Child care costs rival housing

If families can find a home big and affordable enough, they still may be facing an expense that can rival rent or, in many cases, exceed it: Someone to watch their kids during the workday or after school.

Child care costs have risen 76% in Colorado since the start of the millennium, according to Claire Levy, executive director of the Colorado Center for Law and Policy.

It costs Cherlyn Seruto $975 a month to send her 3-year-old daughter to the “cheapest day care in Boulder,” she said, and another $1,650 for her son to attend a preschool where he can expend a bit more energy. The $2,625 per month total is steep, but it’s worth it so that she and her husband can both keep their full-time jobs.

Colorado’s newly passed law that funds full-day kindergarten should help out when her son starts school next year. But even three hours of after care at the YMCA, Seruto’s current plan, will run $600 a month. And she’s not sure if her rambunctious son will do well in a classroom all day and then an after-school program; she is considering cutting back her hours to give him some flexibility.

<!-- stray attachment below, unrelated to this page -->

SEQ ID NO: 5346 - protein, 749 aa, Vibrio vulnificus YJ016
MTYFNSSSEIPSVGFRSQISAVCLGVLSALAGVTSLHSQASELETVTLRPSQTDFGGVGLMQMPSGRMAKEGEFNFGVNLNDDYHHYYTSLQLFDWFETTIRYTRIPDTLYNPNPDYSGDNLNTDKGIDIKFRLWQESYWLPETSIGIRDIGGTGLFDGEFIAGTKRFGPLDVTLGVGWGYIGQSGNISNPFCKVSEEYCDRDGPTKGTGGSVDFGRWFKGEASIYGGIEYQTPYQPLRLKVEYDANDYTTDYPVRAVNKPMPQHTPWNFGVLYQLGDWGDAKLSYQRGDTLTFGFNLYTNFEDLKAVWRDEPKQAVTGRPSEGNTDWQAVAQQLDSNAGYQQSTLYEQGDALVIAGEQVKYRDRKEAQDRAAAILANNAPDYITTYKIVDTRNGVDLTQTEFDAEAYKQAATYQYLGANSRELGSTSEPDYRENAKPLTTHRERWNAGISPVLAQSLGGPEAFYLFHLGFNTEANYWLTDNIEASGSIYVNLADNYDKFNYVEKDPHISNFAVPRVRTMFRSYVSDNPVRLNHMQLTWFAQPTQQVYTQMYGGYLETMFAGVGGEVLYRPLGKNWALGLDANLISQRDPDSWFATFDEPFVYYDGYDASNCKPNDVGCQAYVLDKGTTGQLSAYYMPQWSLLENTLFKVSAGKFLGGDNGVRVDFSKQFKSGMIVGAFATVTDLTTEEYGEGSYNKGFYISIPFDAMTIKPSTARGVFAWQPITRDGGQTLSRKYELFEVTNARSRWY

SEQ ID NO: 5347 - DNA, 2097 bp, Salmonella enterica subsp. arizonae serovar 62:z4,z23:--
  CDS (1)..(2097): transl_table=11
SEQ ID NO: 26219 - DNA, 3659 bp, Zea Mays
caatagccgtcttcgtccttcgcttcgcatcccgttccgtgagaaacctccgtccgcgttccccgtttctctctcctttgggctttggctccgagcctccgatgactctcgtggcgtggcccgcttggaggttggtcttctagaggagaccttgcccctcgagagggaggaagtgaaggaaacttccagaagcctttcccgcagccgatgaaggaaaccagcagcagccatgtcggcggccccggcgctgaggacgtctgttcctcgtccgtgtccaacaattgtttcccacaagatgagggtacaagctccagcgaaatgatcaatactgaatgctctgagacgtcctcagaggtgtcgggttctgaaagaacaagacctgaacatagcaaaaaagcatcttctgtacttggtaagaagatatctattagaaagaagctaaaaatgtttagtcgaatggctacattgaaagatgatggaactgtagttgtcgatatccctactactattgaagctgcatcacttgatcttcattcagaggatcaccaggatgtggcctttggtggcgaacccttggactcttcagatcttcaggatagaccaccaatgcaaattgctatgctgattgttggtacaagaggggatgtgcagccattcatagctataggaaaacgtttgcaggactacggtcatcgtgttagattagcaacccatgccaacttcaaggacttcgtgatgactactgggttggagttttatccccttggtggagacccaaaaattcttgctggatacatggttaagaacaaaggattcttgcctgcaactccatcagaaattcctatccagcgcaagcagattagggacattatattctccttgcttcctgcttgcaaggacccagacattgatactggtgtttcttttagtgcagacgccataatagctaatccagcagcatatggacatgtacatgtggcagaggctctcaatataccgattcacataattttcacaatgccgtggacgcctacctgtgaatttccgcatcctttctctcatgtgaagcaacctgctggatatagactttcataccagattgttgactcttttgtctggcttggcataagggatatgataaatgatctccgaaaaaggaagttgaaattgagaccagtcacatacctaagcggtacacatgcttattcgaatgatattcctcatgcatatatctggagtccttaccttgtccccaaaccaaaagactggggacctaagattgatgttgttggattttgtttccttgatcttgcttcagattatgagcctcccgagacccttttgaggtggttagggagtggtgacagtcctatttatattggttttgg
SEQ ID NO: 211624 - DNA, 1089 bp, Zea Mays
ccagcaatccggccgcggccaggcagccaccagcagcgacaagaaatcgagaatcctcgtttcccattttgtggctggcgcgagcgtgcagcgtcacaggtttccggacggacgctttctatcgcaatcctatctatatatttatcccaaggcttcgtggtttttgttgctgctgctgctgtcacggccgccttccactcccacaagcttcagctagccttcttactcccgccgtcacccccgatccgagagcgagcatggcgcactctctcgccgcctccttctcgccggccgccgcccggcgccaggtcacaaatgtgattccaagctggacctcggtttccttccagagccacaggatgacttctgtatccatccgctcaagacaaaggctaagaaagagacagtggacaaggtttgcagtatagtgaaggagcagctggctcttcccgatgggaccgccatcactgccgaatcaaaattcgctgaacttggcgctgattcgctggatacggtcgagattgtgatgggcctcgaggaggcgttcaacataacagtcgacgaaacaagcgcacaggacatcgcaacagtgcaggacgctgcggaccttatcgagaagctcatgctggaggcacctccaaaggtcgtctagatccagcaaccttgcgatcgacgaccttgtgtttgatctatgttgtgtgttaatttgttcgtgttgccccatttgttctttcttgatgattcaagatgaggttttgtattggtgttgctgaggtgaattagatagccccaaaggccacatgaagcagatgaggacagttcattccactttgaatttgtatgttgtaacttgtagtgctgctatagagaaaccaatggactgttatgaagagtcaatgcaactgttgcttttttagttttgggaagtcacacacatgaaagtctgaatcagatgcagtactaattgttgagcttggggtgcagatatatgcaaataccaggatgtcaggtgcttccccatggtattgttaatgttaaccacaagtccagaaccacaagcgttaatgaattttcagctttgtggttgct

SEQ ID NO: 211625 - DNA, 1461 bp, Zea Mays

Whatever she does, it will only get cheaper from here on out. When both kids were at their youngest and in need of day care, Seruto was shelling out $2,900 a month.

There are cheaper alternatives that some families choose or are forced into, beyond staying at home with the kids. Seruto knows families who employ live-in au pairs they pay $600-$900 a month. “But that only works if you have a house with extra room,” she said.

Family, friends and neighbors remain the go-to for parents of more modest means, said Julie Van Domelen, executive director of Emergency Family Assistance Association. But beyond relying on loved ones, resources remain scarce.

“You talk to all our case managers,” said Van Domelen, “the one thing (their clients) can’t find a solution for is child care.”

by Shay Castle